I received my grandmother’s champagne-hued pearls when I was a senior in high school. At the time, I was obsessed with boys and late 90’s rock music, so the sweet sentimentality of that gift was a bit lost on me. But now, in my late 30’s, those pearls are a beloved reminder. My grandmothers, both, were ladies. They didn’t usually bum around in jeans. When they went out of the house their hair was done, and their bedrooms contained mirrored perfume trays and white sheer curtains. I don’t quite ascribe to that status myself, due to the fact that most mornings I throw my hair into a ponytail and give myself a mental high-five if I find a clean pair of yoga pants. Sometimes it feels that the days of “ladies” has gone a bit to the wayside, but the love of beautiful pearls endures for most of us, despite our yoga pants.
The history of pearls is vast and wide. Some historians surmise that pearls were first discovered along the coast of India. In a pearl-centered legend, the Hindu god Krishna discovered pearls and gave one to his daughter on her wedding day. The craze for pearls spread the globe and reached a fevered pitch during the height of the Roman Empire when women upholstered couches with them and Caligula gifted his horse an elaborate necklace. One Roman general even financed a military campaign by selling a single pearl.
The worldwide passion for pearls stretched from the far east across the globe for millennia. As the colonization of North America began, explorers discovered that Arkansas possessed some of the largest numbers of freshwater mussel species on the earth, and thereby, pearls. It was said that at one time, mussels were so abundant people could easily pick them out of shallow water by hand.
Pearls played a large role in Native American culture. The tribes used pearls for industry, religious purposes, and burials. They also excelled in pottery-making because they used the mussel shells as their base. Sallie Stockard’s book The History of Lawrence, Jackson, Independence, and Stone Counties mentions Native American burial mounds on the White River containing pearls.
Northeast Arkansas rivers were found teeming with pearls ranging in colors from rose, gold, blue, and green. Over a dozen pink pearls were found in the White River in 1888, and in a time yet untouched by cultured pearls, the rarity of these finds led to the Arkansas Pearl Rush.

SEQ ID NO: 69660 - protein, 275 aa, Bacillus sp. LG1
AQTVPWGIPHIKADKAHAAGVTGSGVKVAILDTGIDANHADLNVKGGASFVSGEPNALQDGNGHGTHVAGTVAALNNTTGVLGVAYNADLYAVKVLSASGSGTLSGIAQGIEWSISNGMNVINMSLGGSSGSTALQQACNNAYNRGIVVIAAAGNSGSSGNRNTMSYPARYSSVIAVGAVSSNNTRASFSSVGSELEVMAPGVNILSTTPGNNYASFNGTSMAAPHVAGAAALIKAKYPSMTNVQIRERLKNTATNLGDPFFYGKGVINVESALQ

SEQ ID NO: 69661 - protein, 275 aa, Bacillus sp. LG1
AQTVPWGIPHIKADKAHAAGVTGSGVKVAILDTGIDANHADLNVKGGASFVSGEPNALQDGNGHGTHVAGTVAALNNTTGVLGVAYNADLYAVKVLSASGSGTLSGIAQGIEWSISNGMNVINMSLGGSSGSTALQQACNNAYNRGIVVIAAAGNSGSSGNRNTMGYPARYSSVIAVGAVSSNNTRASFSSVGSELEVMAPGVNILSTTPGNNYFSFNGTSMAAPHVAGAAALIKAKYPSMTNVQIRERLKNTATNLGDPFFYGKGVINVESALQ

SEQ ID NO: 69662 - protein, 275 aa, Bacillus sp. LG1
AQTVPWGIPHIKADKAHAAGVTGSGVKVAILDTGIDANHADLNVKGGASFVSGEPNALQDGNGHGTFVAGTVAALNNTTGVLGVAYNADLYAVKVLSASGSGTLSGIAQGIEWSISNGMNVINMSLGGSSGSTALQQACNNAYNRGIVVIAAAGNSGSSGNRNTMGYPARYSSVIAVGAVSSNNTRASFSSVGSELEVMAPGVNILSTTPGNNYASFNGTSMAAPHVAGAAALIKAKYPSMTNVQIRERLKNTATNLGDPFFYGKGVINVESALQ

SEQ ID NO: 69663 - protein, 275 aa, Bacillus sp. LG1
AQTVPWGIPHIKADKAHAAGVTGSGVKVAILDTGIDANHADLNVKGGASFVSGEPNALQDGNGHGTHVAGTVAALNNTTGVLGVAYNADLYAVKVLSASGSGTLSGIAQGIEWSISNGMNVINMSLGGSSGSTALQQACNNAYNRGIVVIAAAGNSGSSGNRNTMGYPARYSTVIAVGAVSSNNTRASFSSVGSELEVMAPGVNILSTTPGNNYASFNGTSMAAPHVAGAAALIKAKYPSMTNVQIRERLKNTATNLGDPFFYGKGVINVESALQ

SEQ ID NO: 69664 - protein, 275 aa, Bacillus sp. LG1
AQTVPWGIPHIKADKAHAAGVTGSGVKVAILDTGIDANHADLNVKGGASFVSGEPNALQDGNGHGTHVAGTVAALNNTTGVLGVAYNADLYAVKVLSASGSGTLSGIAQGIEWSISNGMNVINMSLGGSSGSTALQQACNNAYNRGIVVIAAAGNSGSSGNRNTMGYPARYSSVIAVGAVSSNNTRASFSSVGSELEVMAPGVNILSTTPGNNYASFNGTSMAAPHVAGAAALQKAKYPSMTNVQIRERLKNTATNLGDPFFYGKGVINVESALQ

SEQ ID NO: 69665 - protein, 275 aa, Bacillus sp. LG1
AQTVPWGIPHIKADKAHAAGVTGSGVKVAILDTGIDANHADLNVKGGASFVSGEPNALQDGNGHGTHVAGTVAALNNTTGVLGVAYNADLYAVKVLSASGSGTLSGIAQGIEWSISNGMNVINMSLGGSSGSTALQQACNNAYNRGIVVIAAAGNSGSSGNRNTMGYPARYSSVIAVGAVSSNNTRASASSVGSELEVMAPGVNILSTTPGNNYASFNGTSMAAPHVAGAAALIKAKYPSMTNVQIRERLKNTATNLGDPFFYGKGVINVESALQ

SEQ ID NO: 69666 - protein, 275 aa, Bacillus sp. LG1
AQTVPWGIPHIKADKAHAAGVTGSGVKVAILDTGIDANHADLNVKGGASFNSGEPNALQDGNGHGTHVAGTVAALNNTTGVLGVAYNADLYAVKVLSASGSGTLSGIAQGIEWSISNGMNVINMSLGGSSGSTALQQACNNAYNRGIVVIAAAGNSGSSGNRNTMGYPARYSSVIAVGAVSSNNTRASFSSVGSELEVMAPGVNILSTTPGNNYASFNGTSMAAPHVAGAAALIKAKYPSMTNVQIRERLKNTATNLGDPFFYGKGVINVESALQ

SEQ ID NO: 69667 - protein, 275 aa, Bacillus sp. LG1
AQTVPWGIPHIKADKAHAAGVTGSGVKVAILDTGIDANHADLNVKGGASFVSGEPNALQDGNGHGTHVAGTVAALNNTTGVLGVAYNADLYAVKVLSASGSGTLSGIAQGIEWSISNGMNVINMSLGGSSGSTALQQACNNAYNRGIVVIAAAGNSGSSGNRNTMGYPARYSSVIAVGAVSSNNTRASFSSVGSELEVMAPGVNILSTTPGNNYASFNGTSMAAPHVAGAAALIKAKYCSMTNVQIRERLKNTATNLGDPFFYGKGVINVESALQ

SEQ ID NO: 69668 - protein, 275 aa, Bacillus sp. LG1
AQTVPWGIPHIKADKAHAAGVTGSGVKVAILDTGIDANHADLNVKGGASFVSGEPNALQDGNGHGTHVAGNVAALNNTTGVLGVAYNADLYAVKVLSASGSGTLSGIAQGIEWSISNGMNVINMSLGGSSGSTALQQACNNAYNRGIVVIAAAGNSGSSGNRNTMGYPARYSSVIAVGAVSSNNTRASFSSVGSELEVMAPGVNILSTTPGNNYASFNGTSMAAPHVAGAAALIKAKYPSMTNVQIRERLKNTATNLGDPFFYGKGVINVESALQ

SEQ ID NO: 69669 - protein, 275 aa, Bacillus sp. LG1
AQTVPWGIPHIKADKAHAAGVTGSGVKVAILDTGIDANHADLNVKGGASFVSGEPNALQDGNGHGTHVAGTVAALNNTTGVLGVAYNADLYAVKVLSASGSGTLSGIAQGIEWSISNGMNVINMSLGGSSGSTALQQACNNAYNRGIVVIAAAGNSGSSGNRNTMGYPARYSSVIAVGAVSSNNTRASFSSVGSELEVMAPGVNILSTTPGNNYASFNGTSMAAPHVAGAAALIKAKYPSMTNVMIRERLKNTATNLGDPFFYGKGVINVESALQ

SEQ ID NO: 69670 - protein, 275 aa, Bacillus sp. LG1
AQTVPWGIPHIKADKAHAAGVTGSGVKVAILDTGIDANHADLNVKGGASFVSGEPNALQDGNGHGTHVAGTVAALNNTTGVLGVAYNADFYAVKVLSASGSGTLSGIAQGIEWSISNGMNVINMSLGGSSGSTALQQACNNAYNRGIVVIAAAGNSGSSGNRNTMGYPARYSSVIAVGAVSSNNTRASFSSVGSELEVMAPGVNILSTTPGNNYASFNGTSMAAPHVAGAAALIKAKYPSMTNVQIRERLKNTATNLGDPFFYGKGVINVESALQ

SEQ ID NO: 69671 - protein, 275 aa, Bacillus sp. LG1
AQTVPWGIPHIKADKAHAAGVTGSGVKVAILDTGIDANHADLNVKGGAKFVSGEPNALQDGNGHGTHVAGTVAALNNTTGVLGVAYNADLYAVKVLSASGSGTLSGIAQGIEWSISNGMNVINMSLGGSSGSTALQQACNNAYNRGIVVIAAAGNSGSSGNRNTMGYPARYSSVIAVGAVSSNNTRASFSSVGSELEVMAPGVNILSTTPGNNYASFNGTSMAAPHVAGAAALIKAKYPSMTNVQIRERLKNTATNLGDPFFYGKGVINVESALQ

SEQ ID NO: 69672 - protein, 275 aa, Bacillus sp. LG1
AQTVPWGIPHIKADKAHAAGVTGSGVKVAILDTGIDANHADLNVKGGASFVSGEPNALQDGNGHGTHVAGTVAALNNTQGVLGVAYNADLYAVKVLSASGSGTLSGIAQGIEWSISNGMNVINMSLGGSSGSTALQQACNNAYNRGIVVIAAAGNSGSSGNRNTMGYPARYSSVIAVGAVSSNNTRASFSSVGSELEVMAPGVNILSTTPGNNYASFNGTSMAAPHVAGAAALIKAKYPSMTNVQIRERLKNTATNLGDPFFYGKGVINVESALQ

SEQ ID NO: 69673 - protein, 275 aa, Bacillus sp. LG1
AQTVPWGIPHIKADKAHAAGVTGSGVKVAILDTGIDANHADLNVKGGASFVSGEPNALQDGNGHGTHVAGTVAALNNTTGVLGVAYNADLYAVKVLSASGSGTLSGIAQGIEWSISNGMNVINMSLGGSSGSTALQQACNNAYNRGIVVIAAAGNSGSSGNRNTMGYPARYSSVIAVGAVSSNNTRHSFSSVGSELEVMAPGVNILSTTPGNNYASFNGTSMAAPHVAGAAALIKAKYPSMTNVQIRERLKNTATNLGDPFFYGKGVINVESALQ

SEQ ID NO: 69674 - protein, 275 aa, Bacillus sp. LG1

Shanty towns sprung up along the Black and White rivers filled with hopeful pearl hunters. Buyers traveled from New York and San Francisco. Local shop owners and farmers could not find enough workers as the population had gone pearl-hunting crazy. Some hunters were serious and well equipped while digging wells, building homes, and raking pearls from their boats. Others took family vacations and went pearl hunting for fun. Hundreds upon hundreds of mussels were killed in the search for pearls and usually went to waste. By 1905 the Pearl Rush wound down, but the blank button industry was spurred along by the discarded and ample amounts of mussel shells in our state, until the 1940’s and the advent of plastic buttons.
The mussels in our Arkansas rivers have dwindled since the era of the Pearl Rush. Industry, pollution, and destruction of their natural habitats, in addition to the creation of lakes, has severely curtailed the mussel population. Sadly, of the many Arkansas mussel species, a large number are at risk of extinction. But for a while, Arkansas was the center of a special pearl producing, mussel flourishing habitat.
The Arkansas Pearl Rush ended long ago, but not before making a few important marks on the world. According to Patti Delano’s book, Off the Beaten Path, an Arkansas pearl made its way across the ocean and into the Royal Crown of England. Another notable Arkansas pearl connection was Elizabeth Taylor. According to arkansasroadstories.com Richard Burton bought one for Elizabeth Taylor in 1969.
Frederico Fellini once said, “All art is autobiographical. The pearl is the oyster’s autobiography.” On the rare occasion that I forsake my yoga pants, get dressed up and wear my grandmother’s pearls, it makes me feel closer to her. The pearl has always seemed autobiographical for my ladylike grandmothers, and it will always hold a special place in my heart. And now, after researching this article, the pearl will always seem a bit autobiographical for my home state as well.